The City of Dothan’s insurance company is paying $1 million to settle a 2016 police shooting lawsuit in addition to $250,000 being paid by the city that was reported last week.
The federal lawsuit stems from a police shooting at the Dothan Animal Shelter in 2014 that killed Robert Earl Lawrence. The administrator of his estate, Christopher Cantu, filed the civil suit alleging Lawrence’s Fourth Amendment civil rights were violated when Dothan officer Adrianne Woodruff fired a lethal shot into his abdomen.
The confrontation began after Lawrence refused to produce a driver’s license as he attempted to leave a stray dog at the animal shelter. Providing identification is a part of the shelter’s operating procedure.
Federal District Judge Emily Marks ruled in November 2018 that Woodruff had acted within the scope of her duties during the confrontation, giving her qualified immunity from the lawsuit. During the scuffle, two attempts at using a Taser from Woodruff and fellow officer Alan Rhodes failed to subdue Lawrence, and Lawrence grabbed a Taser from Woodruff.
“Brute force and a nonlethal Taser showed no signs of subduing Lawrence or dissuading him from continuing his struggle inches from his small children,” Marks wrote in her decision. “Woodruff and Rhodes could not wait indefinitely for Lawrence to stop resisting arrest or merely hope that Lawrence would tire before they did.”
Cantu appealed the decision and the suit continued. Dothan City Attorney Len White said he’s spent hundreds of hours fighting the suit over the last several years, and the city ultimately decided it was better to settle the suit than to continue fighting it.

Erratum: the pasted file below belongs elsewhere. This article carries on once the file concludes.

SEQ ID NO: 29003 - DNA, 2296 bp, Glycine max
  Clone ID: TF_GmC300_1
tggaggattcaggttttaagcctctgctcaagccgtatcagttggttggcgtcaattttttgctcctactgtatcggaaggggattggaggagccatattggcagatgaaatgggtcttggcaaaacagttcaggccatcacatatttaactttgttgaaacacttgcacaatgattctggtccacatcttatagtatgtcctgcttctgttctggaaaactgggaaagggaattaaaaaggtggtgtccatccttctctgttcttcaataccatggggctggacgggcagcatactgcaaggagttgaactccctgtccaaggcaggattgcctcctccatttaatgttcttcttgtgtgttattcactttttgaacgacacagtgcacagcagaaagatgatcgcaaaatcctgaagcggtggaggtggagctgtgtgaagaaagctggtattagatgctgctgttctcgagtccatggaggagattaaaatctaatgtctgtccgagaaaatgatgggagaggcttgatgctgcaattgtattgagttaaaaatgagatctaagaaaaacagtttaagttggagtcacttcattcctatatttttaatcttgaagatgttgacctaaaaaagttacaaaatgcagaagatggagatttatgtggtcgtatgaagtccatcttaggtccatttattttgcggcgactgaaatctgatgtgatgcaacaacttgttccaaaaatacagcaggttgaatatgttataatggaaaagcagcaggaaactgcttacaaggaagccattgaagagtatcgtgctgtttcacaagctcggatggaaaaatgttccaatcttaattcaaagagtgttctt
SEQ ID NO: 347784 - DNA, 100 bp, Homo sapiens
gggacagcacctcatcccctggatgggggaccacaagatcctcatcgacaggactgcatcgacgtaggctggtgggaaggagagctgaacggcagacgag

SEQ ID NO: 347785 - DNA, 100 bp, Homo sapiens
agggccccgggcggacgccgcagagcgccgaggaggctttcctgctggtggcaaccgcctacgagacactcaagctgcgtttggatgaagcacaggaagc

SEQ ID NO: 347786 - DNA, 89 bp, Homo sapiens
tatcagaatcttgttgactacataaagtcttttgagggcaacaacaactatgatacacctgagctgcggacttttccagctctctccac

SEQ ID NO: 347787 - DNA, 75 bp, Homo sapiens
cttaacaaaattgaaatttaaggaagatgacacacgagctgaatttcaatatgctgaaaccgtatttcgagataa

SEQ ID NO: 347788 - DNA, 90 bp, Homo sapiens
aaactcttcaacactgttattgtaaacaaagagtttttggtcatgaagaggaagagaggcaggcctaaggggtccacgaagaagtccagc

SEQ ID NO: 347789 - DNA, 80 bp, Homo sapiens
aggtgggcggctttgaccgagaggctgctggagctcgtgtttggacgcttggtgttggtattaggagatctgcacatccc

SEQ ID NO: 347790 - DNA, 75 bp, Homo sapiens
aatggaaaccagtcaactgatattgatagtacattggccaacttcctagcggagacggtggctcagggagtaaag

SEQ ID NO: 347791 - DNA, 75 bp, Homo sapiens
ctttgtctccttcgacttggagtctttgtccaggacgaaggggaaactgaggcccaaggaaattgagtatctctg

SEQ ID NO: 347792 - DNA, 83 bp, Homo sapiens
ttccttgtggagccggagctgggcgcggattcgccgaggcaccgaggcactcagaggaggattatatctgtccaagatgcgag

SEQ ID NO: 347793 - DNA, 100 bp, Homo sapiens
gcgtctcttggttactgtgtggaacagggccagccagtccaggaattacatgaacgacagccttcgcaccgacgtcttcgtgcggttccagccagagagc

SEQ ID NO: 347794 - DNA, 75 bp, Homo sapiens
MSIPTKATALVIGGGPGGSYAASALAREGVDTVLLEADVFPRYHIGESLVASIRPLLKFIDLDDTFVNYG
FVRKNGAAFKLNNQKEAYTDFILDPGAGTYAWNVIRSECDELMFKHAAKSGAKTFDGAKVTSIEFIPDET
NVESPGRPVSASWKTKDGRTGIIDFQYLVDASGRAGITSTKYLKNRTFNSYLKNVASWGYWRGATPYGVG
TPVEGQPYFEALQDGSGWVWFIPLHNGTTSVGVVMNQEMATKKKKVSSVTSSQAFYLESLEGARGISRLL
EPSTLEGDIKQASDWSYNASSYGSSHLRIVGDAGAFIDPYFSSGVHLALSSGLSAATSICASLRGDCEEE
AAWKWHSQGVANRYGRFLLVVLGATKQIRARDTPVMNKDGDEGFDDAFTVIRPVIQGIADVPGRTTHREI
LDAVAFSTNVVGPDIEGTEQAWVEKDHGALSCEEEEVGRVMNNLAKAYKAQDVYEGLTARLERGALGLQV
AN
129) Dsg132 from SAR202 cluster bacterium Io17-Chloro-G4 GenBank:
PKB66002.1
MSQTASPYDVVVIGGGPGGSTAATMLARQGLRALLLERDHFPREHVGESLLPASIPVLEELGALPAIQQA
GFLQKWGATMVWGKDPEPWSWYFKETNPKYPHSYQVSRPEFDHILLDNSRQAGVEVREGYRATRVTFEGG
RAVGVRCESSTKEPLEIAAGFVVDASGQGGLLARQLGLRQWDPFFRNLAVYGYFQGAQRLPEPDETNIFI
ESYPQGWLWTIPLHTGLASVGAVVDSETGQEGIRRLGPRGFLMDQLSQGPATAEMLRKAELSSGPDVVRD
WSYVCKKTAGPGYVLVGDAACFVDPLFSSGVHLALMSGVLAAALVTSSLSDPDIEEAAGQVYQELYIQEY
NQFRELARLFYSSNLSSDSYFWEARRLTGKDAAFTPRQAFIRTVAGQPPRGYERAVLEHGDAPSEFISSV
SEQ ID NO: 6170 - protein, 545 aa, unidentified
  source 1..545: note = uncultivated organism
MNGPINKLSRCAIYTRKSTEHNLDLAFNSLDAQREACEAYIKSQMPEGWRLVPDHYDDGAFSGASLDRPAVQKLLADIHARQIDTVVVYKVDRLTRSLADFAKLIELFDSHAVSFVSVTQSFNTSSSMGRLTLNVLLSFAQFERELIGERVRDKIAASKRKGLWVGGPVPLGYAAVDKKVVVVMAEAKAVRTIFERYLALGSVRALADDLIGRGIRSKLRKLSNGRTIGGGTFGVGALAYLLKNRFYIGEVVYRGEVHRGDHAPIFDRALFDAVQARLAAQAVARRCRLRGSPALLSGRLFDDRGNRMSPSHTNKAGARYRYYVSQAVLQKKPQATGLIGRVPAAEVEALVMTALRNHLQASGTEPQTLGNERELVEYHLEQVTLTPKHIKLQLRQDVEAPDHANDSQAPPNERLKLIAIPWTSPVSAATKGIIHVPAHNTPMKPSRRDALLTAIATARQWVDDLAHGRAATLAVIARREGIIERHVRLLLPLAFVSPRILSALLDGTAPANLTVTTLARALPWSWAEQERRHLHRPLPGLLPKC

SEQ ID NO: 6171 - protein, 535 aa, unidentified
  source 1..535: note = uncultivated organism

“It’s a very tragic and unfortunate incident involving a person who officers attempted to arrest, but rather than cooperate, resisted arrest… this person was impervious to repeated Tasings, and continued resisting arrest to the point where he took one of the officer’s Taser,” White said. “The officer whose Taser he took used deadly force to eliminate that threat to her and her partners.”
Part of the city’s agreement states that the city denies any liability in the lawsuit, but is settling to avoid the uncertainties of litigation and its associated expenses.
Alabama Municipal Insurance Corporation is paying 75% of the $1.25 million settlement, while the city of Dothan pays a 25% deductible.
According to court records, Cantu’s legal representation will receive half of the amount collected after expenses are deducted. The remainder of the money will benefit Lawrence’s surviving heirs, including his wife and three minor children.
Sable Riley is a Dothan Eagle staff writer and can be reached at firstname.lastname@example.org or 334.712.7915. Support her work and that of other Eagle journalists by purchasing a digital subscription today at dothaneagle.com.